- VITA, TCE volunteers offer free tax filing help — Intimidated by your 1040, even when using tax software? Can't work hiring a tax pro into your budget? Then check out a Volunteer Income Tax Assistance (VITA) or Tax Counseling for the Elderly (TCE) location near you. IRS-certified volunteers at these community tax-filing sites nationwide help lower-income taxpayers prepare and e-file their returns for free. (March 6, 2020)
- Tennessee tornado victims get tax relief — The deadly March 3 storms and tornadoes that devastated parts of Tennessee were declared major disasters. That means affected taxpayers get some tax relief, including deadlines extended until July 15. Those who sustained damages also might be able to claim their losses on their taxes by itemizing and filing Form 4684 to get some tax money back to put toward recovery efforts. (March 9, 2020)
- Standard vs. itemized deduction choice & strategies — Standard time is over for the next eight months, but the standard tax deduction is around every filing season. Most people use it, but itemizing also can work for many taxpayers, as long as they put some tax deduction strategies into place. (March 11, 2020)
- Military tax topics and tips — Being in the military is tough enough. The Internal Revenue Service and tax code realize that and offer some special tax breaks and considerations for U.S. armed forces personnel. (March 14, 2020)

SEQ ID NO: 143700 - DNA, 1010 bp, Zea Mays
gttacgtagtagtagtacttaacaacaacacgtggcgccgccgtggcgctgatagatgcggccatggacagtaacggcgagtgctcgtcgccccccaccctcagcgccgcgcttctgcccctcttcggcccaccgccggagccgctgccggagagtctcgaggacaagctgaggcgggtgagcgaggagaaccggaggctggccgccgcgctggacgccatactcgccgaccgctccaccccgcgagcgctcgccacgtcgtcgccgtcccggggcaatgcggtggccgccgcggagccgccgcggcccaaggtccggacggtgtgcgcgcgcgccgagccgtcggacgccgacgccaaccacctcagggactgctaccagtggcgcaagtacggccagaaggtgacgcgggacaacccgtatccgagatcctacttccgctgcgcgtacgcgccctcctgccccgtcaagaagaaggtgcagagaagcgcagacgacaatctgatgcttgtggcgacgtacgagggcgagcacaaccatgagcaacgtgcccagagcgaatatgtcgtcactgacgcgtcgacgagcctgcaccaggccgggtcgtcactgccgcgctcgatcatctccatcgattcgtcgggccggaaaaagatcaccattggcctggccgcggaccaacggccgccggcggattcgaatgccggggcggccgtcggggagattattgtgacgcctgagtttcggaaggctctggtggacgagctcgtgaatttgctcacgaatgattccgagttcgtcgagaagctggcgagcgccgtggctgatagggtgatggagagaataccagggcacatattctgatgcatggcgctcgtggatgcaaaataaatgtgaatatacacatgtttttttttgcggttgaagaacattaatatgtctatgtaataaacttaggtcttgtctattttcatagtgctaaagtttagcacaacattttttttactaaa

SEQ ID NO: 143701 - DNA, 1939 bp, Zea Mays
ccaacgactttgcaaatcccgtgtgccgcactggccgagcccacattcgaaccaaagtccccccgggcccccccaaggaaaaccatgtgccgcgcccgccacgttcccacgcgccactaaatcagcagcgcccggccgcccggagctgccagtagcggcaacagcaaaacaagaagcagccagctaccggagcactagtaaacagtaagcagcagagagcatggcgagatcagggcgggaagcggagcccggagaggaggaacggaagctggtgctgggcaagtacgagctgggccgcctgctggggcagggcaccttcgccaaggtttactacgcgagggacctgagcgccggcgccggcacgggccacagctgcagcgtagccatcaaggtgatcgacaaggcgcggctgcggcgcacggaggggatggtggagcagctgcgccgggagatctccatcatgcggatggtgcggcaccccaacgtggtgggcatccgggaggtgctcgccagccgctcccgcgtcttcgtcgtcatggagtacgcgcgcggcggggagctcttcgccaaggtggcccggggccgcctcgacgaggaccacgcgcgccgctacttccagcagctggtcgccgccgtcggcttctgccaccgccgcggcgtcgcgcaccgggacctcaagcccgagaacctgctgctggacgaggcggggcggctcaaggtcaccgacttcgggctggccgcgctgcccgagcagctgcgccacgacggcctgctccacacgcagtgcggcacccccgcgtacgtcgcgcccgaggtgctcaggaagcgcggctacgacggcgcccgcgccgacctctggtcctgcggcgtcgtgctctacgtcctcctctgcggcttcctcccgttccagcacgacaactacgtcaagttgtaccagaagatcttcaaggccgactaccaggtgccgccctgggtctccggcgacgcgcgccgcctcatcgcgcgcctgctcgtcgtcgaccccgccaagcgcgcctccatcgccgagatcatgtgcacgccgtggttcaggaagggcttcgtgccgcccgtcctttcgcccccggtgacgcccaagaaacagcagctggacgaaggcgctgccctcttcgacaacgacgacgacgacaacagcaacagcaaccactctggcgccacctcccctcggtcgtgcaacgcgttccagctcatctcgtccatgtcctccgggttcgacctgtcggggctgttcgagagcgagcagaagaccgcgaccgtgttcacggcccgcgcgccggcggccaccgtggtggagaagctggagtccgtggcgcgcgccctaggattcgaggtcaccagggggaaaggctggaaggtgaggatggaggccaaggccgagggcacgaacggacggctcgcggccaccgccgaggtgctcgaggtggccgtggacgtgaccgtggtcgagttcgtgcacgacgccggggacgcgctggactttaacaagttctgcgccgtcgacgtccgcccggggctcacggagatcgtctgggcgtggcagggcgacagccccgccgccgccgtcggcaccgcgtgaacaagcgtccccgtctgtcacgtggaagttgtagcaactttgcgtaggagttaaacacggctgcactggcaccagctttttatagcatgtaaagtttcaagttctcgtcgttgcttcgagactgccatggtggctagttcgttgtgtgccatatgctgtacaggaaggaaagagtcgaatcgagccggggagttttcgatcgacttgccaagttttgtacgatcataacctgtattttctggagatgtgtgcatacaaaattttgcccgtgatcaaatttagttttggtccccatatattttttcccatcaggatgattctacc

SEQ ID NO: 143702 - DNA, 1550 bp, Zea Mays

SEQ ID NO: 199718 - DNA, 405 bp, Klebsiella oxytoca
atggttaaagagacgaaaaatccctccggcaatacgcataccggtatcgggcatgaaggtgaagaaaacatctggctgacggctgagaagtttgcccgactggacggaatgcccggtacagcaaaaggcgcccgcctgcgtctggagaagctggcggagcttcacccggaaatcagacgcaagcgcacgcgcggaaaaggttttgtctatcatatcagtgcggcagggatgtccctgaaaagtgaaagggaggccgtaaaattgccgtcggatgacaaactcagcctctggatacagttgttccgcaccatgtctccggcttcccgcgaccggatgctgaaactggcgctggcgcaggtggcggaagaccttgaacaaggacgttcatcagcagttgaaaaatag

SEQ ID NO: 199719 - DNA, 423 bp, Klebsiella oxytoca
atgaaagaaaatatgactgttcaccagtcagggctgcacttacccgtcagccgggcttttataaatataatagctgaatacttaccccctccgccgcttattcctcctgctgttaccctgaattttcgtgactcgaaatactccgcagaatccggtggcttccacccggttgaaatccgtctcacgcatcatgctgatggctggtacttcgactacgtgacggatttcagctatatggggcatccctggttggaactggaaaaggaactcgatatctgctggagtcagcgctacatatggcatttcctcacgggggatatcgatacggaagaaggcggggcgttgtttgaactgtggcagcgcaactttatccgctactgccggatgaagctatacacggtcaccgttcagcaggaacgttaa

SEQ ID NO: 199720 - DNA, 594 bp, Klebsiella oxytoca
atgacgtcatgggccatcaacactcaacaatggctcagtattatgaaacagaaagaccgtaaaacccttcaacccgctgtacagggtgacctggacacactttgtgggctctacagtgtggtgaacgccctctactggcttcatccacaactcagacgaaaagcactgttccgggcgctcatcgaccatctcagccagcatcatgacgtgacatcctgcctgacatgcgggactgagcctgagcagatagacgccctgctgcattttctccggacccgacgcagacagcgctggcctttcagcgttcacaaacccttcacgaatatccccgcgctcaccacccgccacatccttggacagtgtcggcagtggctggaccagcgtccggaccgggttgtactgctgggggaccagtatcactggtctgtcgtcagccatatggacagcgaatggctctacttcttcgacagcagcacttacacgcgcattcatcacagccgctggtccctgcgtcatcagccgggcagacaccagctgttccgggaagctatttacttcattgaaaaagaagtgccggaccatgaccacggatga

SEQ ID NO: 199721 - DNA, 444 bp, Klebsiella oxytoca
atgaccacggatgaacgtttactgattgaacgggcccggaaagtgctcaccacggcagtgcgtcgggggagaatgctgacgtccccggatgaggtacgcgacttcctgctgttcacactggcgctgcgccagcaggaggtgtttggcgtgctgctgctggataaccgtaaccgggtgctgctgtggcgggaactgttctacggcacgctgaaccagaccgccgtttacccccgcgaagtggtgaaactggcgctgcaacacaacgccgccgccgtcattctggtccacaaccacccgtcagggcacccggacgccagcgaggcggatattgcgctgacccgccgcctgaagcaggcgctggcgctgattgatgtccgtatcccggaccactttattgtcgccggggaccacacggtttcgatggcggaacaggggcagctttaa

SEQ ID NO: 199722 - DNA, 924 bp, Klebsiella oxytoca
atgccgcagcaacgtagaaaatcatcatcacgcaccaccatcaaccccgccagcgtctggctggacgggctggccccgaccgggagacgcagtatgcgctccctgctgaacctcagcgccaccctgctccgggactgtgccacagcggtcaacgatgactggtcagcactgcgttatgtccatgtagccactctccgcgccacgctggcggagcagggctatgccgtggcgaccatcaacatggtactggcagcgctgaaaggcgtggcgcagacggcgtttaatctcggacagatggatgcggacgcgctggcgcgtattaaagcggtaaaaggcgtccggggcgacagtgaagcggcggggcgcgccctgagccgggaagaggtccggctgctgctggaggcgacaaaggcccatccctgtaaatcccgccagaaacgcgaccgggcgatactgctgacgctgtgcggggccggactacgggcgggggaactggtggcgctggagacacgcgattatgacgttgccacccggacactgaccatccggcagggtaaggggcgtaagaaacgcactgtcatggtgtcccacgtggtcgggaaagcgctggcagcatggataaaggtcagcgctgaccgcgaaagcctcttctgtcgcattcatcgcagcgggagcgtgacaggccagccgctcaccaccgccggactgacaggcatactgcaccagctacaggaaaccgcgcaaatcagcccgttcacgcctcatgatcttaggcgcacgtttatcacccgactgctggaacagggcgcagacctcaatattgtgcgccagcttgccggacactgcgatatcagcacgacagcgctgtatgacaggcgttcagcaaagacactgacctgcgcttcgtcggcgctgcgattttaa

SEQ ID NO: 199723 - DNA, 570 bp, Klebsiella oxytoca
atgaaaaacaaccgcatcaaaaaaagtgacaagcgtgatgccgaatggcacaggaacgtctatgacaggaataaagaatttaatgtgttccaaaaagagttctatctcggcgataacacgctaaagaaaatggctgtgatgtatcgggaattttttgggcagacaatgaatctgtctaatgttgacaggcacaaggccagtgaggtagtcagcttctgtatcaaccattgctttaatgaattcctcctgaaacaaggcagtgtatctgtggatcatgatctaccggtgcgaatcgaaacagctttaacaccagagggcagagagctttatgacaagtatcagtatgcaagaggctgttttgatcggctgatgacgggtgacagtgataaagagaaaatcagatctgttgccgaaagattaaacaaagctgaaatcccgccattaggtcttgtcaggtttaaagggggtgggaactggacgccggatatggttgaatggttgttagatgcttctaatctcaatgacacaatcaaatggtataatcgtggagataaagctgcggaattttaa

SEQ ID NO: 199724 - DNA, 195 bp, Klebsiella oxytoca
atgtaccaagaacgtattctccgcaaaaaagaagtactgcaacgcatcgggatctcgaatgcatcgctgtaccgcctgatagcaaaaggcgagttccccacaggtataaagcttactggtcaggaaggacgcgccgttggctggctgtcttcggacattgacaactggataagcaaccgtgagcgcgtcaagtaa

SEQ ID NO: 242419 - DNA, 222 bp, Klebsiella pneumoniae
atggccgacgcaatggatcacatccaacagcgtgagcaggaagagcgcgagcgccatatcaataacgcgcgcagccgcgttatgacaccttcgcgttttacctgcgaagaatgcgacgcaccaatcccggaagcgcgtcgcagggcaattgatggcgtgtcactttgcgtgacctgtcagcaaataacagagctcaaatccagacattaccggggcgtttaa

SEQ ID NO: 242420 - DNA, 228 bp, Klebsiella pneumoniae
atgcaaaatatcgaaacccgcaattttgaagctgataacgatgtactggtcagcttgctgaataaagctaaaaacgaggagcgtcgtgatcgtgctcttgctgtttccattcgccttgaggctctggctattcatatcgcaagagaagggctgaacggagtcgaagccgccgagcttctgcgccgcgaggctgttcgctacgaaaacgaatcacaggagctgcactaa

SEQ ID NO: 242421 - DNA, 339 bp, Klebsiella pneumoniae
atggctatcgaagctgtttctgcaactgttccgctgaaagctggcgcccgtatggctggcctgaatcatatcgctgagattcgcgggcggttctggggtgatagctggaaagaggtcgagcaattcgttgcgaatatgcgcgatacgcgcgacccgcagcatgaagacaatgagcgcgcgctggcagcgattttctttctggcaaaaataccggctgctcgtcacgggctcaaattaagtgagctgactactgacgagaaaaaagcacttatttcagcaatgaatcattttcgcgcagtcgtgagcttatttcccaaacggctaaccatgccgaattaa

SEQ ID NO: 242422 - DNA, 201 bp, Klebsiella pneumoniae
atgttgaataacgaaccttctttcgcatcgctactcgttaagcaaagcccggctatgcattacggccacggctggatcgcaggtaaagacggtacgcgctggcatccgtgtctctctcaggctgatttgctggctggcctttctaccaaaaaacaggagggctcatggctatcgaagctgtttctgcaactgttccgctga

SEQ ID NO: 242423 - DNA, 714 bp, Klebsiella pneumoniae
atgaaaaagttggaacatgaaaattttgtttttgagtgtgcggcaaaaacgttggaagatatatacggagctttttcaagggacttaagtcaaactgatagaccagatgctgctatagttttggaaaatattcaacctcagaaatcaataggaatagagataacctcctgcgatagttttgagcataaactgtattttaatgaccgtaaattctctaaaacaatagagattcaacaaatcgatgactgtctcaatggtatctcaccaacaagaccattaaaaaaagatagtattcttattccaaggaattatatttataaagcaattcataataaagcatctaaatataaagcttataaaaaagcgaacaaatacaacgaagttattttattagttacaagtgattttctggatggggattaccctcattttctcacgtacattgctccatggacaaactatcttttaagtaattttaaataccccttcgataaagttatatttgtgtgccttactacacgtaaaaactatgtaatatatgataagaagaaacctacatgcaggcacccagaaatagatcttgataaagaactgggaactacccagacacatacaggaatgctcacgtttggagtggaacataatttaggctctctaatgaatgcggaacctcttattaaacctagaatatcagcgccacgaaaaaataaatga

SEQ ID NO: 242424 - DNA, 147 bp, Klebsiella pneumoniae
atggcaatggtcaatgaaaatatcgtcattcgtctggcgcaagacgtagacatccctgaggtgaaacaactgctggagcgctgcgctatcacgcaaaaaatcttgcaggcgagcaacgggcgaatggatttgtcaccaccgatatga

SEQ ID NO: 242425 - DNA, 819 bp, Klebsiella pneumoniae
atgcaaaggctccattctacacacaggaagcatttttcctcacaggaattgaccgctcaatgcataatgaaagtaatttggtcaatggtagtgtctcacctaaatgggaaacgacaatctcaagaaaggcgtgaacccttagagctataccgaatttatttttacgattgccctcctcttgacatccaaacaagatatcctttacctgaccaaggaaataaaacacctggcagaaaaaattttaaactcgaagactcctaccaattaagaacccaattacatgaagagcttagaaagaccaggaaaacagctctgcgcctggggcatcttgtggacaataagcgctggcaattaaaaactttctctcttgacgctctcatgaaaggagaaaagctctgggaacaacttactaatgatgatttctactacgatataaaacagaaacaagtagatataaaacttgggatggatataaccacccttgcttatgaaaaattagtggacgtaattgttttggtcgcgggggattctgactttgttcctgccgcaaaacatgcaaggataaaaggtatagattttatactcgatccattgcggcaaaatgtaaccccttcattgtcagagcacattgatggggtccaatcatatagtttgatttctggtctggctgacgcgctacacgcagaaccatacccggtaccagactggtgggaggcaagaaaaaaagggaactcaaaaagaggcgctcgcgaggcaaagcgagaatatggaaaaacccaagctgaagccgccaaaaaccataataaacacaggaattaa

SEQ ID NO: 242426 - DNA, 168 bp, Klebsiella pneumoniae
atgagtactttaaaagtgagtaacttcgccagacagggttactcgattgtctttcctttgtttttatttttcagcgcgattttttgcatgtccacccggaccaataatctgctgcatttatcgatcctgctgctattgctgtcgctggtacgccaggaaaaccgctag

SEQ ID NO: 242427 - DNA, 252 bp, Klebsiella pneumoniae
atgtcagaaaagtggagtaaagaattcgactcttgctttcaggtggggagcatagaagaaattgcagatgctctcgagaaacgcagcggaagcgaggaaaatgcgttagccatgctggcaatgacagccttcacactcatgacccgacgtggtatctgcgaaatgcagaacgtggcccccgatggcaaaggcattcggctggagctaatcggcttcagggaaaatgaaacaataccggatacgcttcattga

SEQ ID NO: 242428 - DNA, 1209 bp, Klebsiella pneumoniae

- 13 good luck tax breaks — It's been a crazy tax season and not just because of the tax code. Global medical matters and a March Friday the 13th put many filers on edge. Here are 13 lucky tax breaks — for students, families and older filers — that make filing a little less scary. (March 16, 2020)
- April 15 still filing, but not paying, Tax Day — Treasury and the Internal Revenue Service still expect us to file our tax returns by April 15, but for many that's no longer this year's tax paying deadline. Coronavirus concerns prompted Uncle Sam's financial officials to give taxpayers a 90-day grace period — that's until July 15 (so you don't have to check your calendars!) — to pay any tax owed. That extension also is for the first estimated tax payment of 2020. (March 19, 2020)
- July 15 is new Tax Day 2020 — July 15 is the new April 15, at least for 2020. Efforts to stem the spread of the coronavirus have meant changes in everyone's lives, including the tax portion. To help in that area, Treasury has declared that July 15, which had been the revised deadline to pay any tax due, now also is the new filing deadline for 2019 tax returns. (March 20, 2020)
- July 15 Tax Day 2020 Q&A — One question has been answered. Tax Day 2020 is July 15. Naturally, taxpayers have lots of questions about this latest (and we hope final!) tax calendar shift. Some of the most asked are in this collection of questions and answers about the new July 15, 2020, Tax Day. (March 21, 2020)